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Absence down, but stress on the rise

Absence down, but stress on the rise

Absence down, but stress on the rise

Levels of absence across the UK workforce have fallen by one day per employee, according to the 2014 CIPD/Simplyhealth Absence Management Survey.

Days lost to absence, per employee, per year stands at 6.6 days, down from 7.6 days in 2013. An increased focus on attendance strategies and a 22% rise in the number of organisations developing their line manager capability is said to have contributed to the fall.

But despite the good news, two fifths of survey respondents said stress-related absence increased over the last year, and 43% of organisations have noticed a rise in mental health problems, including anxiety and depression.

Jill Miller, CIPD research adviser and co-author of the report, says organisations have historically put more emphasis on physical wellbeing than tackling mental health. “A third of organisations are not taking any action despite reporting an increase in stress-related and mental ill health-related absence,” she says.

According to the research, organisations which had noted an increase in both stress and mental ill health were more likely to report an increase in the number of people coming to work ill, yet half of those who had seen an increase in presenteeism over the past 12 months had not taken steps to discourage it.

Tianne Croshaw, resilience trainer and coach, says there can be a “head in the sand” attitude when it comes to tackling mental health. “Employers don’t want to talk about it because they don’t know what their responsibilities are, and how far they should go,” she says.

In September, chief medical officer, Dame Sally Davies, called for greater support for working people with mental health problems. According to her report, around 70 million working days were lost to mental illness last year, costing the economy up to £100bn.

“Anyone with mental illness deserves good quality support at the right time,” she said. “It is crucial that we take action to help those people stay in employment, to benefit their own health as well as the economy.”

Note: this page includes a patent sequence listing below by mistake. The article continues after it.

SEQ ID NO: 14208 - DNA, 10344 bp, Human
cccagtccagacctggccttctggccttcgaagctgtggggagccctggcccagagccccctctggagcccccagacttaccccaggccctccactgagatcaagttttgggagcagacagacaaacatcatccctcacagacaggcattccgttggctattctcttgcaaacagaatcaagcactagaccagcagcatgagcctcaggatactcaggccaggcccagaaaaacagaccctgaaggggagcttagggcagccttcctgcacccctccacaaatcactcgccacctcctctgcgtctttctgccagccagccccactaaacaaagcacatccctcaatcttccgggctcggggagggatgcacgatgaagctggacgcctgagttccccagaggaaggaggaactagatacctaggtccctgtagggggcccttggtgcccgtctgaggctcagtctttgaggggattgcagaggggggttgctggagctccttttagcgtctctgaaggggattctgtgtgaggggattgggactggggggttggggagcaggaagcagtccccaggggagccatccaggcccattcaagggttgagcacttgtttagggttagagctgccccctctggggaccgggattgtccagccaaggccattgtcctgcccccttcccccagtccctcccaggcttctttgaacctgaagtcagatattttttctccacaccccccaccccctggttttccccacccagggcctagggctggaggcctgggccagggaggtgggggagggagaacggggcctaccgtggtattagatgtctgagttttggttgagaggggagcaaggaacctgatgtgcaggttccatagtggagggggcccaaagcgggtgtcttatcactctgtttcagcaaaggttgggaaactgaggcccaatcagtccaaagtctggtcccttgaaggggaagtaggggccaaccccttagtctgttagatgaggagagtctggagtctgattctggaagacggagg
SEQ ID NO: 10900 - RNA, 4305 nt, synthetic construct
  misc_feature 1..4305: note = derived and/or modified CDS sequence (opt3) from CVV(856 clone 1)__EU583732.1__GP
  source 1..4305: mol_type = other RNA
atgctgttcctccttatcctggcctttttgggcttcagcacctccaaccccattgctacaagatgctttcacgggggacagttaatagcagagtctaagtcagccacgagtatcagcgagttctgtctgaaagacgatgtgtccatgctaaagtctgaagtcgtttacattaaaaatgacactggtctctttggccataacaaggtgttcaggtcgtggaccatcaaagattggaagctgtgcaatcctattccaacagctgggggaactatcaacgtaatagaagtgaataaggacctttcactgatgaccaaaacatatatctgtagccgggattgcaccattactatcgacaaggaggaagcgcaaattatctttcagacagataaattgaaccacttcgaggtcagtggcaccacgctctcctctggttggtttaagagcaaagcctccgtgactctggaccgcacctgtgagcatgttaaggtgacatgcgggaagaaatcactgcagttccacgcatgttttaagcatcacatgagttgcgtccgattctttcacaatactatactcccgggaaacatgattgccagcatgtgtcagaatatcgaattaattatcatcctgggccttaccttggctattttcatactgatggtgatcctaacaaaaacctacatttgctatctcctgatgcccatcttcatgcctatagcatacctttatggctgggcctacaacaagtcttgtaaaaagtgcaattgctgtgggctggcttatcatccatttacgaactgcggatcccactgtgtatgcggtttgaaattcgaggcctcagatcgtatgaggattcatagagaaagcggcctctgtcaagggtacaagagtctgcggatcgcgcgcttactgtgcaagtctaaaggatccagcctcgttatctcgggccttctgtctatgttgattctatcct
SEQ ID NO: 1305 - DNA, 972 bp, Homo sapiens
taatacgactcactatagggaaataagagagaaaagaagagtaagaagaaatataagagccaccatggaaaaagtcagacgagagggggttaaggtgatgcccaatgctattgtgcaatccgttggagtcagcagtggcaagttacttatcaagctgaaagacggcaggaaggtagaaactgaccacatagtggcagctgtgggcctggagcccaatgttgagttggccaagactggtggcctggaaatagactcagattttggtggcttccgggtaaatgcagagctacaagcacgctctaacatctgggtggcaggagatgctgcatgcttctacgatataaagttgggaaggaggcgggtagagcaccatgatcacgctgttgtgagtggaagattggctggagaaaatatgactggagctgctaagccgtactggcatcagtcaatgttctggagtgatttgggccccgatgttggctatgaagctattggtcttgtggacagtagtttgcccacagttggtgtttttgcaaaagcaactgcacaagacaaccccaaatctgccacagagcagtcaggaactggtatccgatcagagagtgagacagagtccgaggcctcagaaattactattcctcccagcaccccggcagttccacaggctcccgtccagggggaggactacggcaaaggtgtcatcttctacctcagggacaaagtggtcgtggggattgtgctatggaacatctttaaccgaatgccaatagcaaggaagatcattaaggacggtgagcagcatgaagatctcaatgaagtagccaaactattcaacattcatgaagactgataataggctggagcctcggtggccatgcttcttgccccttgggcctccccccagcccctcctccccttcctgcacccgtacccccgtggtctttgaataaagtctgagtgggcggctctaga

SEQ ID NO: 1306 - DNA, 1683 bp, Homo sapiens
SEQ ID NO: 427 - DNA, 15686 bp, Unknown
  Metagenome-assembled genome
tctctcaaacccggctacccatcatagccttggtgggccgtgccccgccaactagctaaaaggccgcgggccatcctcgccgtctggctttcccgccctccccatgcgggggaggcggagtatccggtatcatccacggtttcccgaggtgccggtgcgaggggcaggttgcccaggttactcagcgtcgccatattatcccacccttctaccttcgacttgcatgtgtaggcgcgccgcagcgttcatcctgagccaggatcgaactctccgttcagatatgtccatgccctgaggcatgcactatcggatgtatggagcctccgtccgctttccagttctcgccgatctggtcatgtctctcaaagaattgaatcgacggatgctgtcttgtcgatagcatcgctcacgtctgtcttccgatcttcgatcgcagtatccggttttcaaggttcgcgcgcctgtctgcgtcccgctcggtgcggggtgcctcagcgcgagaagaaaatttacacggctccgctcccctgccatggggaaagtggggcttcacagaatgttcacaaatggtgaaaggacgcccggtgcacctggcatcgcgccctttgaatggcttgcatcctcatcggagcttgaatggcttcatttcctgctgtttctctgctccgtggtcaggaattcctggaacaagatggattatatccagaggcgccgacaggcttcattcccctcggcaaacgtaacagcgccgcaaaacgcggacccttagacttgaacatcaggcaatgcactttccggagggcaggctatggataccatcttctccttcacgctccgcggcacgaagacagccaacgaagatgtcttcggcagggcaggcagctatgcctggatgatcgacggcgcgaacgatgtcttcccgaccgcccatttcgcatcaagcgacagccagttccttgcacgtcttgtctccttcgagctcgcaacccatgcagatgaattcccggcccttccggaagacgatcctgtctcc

“This is definitely something HR and line managers need to focus on. Being able to spot early warning signs is vital,” says Miller. “That doesn’t mean they have to know how to solve those issues: it’s about being able to point people in the direction of appropriate support.”

Counselling (56%), flexible working (52%) and employee assistance programmes (46%) are the most common tools employers use to support staff with mental health problems, according to this year’s CIPD survey. “We need to work together to step up the efforts and address the mental health side of well-being,” Miller says.

Read the CIPD/Simplyhealth Absence Management Survey from 6 October at cipd.co.uk/research/_absence-management

Petaurum Solutions Comment

The issue of stress at work is a business-critical one. If it is not managed properly stress will reduce individual and organisational productivity.  Whilst stress in itself is not a medical condition, research shows that prolonged exposure to stress is linked to psychological conditions such as anxiety and depression as well as physical effects such as heart disease, back pain and headaches.  In addition to impacting on an individual’s physical health, stress also impacts on their mental health, engagement, motivation and commitment.  At an organisational level, it impacts on sickness absence, performance and productivity (presenteeism), employee turnover and a range of other issues such as increased accident rates, workplace conflict, poor employee relations and disputes as well as increased insurance premiums.

Employers mistakenly assume that stress related claims are “employment claims” and are therefore of relatively small compensation value. However, these types of claims are generally pursued as Personal Injury claims through the High Court and have the potential to be enormous.  When you also consider the added exposure of a Health & Safety claim, Disability Discrimination claim or an employment claim, the potential impact is huge!

However, too few employers understand what stress is, how it affects people, or how to identify and manage it.

The National Institute for Health and Care Excellence (NICE) has also issued public health guidance on ‘Promoting mental wellbeing at work’, which can be found online at:

http://publications.nice.org.uk/promoting-mental-wellbeing-at-work-ph22

At Petaurum Solutions we believe in a rounded approach to employee wellbeing and the clear link between wellbeing and performance.  We have a range of solutions that can help employees’ financial, physical and mental wellbeing.  Interested?  Contact us to find out more.

This information is intended as a general overview and discussion of the subjects dealt with. The information provided here was accurate as of the day it was posted; however, the law may have changed since that date. This information is not intended to be, and should not be used as, a substitute for taking legal, HR or benefits advice in any specific situation. Petaurum Solutions is not responsible for any actions taken or not taken on the basis of this information. Please refer to the full terms and conditions on our website.

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Article by Petaurum Local

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